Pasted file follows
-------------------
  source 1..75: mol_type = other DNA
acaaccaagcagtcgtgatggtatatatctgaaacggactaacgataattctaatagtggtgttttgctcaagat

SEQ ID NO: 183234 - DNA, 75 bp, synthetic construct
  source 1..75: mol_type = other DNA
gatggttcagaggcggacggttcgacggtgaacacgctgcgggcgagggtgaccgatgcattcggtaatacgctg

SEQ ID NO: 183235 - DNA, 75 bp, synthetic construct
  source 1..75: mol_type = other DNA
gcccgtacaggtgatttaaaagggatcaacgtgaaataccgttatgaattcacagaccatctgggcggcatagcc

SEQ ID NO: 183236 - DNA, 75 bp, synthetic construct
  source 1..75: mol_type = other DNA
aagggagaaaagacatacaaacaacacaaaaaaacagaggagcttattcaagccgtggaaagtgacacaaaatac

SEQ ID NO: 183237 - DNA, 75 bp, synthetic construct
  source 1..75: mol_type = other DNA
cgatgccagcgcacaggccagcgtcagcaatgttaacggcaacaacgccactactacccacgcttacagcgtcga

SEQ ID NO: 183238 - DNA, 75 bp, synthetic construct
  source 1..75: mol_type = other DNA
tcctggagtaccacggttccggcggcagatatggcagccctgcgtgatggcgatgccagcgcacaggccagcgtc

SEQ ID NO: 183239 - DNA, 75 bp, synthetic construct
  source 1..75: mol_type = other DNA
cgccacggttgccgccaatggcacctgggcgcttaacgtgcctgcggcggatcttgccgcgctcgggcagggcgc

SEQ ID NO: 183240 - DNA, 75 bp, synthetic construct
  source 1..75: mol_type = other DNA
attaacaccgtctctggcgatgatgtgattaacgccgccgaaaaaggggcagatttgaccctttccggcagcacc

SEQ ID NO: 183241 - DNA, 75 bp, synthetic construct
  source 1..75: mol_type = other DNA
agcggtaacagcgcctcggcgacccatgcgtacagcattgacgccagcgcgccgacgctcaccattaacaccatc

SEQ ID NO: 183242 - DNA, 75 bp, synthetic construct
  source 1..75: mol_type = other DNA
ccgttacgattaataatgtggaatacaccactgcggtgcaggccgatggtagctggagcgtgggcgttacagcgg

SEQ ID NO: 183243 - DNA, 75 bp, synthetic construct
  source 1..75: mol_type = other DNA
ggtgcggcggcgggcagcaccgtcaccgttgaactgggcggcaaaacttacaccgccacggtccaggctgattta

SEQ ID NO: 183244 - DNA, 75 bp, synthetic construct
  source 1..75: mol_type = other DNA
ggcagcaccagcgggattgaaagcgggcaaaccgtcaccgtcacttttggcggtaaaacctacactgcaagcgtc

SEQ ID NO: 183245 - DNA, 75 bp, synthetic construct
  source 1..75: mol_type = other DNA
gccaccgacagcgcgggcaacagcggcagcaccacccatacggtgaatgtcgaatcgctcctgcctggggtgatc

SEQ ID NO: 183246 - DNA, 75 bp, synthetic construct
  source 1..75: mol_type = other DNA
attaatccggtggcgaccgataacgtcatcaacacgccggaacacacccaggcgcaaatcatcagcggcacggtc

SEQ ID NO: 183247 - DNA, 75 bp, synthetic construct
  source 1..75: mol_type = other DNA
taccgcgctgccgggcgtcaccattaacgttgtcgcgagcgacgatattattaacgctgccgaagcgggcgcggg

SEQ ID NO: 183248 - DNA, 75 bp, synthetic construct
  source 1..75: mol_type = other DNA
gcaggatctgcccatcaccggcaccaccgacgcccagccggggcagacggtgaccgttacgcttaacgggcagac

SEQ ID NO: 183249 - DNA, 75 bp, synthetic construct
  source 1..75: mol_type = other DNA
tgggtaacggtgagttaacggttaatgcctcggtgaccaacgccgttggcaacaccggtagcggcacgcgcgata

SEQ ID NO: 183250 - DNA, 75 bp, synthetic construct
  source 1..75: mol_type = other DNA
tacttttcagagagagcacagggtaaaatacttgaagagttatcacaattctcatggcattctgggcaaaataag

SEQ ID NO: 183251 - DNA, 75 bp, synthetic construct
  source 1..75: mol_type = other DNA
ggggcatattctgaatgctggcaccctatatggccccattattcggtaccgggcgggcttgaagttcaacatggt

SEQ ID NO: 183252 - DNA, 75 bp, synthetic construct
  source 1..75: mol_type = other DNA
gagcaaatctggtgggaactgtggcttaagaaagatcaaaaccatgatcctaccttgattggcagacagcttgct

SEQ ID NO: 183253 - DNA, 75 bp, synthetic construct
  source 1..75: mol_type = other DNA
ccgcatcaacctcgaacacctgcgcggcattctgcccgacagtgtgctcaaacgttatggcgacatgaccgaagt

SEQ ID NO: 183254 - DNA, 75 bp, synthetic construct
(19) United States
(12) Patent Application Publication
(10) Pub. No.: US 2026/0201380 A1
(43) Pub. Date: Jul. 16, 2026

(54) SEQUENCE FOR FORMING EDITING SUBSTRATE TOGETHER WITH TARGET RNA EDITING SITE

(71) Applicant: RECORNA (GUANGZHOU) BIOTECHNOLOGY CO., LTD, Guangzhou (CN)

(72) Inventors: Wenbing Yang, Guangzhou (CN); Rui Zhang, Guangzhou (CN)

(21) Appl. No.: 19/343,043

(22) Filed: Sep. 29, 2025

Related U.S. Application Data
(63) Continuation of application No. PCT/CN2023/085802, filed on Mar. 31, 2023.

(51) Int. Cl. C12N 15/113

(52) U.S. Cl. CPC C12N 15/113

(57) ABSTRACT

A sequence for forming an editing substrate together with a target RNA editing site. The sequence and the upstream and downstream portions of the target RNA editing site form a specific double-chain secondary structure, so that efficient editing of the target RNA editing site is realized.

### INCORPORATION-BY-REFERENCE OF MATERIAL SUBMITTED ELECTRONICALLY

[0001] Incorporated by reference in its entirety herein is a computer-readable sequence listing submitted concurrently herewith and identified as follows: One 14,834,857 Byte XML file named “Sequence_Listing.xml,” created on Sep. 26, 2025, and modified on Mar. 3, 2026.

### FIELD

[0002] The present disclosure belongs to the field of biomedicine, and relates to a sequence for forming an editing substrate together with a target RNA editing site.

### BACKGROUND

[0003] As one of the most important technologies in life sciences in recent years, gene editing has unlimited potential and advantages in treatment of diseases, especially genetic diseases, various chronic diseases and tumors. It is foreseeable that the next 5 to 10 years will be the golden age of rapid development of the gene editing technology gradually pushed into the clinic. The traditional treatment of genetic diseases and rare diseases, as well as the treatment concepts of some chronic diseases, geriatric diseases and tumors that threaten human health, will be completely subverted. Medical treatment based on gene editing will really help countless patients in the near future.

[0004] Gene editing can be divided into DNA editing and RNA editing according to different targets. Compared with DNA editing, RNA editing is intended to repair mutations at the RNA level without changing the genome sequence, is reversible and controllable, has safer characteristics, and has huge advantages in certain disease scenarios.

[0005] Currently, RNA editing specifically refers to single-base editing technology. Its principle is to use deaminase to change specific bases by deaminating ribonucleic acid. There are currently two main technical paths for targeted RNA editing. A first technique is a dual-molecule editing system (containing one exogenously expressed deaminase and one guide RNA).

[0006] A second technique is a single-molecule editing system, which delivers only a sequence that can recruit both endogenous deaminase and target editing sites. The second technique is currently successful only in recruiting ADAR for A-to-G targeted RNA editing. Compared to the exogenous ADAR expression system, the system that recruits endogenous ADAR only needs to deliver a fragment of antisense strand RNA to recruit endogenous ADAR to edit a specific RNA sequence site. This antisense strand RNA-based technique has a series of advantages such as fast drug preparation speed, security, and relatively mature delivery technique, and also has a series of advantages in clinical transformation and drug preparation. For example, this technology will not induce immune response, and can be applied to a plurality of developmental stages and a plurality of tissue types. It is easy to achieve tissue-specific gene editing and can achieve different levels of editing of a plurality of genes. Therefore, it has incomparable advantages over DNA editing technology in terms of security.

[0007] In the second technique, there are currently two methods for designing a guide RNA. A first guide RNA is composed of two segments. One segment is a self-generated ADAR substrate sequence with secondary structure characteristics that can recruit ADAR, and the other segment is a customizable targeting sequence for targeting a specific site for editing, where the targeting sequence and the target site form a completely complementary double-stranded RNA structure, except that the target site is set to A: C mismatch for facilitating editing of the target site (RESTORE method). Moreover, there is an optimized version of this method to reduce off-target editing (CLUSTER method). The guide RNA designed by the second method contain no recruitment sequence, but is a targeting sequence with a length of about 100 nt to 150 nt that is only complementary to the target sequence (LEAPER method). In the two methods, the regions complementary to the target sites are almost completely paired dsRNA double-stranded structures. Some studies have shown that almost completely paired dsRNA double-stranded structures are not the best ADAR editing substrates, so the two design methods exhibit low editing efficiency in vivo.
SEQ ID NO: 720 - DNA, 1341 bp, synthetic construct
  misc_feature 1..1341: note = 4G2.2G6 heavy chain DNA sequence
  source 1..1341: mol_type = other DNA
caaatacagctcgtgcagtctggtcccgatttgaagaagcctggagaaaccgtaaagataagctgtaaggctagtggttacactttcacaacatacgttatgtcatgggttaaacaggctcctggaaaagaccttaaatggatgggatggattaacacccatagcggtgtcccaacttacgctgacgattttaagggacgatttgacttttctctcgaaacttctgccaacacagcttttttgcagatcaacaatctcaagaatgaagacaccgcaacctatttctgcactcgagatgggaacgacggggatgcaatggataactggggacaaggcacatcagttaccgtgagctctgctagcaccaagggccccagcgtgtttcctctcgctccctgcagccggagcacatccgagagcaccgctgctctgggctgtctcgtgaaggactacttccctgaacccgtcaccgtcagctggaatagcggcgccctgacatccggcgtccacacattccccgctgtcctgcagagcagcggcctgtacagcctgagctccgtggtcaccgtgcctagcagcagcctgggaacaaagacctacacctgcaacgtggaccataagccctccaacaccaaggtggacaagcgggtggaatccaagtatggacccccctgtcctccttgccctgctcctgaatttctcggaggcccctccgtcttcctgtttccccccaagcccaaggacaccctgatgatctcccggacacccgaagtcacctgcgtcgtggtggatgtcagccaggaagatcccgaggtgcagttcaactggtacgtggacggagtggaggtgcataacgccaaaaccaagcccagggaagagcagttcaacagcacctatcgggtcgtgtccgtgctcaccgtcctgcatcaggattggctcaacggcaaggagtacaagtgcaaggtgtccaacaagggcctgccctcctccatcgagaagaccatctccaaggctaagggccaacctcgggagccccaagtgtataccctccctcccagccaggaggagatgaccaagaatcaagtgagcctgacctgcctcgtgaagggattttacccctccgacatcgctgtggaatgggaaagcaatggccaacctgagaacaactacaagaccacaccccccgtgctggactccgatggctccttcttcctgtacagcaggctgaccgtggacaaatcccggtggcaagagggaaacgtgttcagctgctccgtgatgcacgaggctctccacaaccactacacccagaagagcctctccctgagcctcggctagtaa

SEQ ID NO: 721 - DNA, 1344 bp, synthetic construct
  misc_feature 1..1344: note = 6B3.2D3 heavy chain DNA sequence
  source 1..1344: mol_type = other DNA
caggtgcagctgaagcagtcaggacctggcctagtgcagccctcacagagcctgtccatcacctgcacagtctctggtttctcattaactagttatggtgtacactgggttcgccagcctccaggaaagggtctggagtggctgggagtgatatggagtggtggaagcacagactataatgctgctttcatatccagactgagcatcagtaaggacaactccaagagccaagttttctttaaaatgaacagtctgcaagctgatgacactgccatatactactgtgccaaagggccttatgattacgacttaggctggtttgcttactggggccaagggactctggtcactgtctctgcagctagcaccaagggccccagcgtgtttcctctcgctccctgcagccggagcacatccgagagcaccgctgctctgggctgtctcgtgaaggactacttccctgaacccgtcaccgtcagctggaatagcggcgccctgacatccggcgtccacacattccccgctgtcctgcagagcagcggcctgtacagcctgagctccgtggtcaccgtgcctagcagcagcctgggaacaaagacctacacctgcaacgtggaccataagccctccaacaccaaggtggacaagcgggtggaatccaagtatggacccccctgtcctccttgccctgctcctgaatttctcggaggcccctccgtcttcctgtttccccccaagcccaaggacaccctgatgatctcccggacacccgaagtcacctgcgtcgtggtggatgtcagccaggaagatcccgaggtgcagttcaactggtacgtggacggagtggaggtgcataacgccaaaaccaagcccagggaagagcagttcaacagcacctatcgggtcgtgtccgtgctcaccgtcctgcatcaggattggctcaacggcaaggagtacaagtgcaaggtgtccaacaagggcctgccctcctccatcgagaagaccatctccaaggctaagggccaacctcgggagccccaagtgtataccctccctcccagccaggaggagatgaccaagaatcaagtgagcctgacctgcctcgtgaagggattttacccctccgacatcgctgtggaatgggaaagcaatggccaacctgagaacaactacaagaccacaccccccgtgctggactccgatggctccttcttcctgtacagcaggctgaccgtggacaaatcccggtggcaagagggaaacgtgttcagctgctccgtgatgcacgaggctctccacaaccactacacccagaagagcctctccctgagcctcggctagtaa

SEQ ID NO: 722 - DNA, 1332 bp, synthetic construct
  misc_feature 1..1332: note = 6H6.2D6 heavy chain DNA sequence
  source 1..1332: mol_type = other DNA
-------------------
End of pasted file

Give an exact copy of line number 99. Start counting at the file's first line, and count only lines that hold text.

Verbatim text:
  source 1..1332: mol_type = other DNA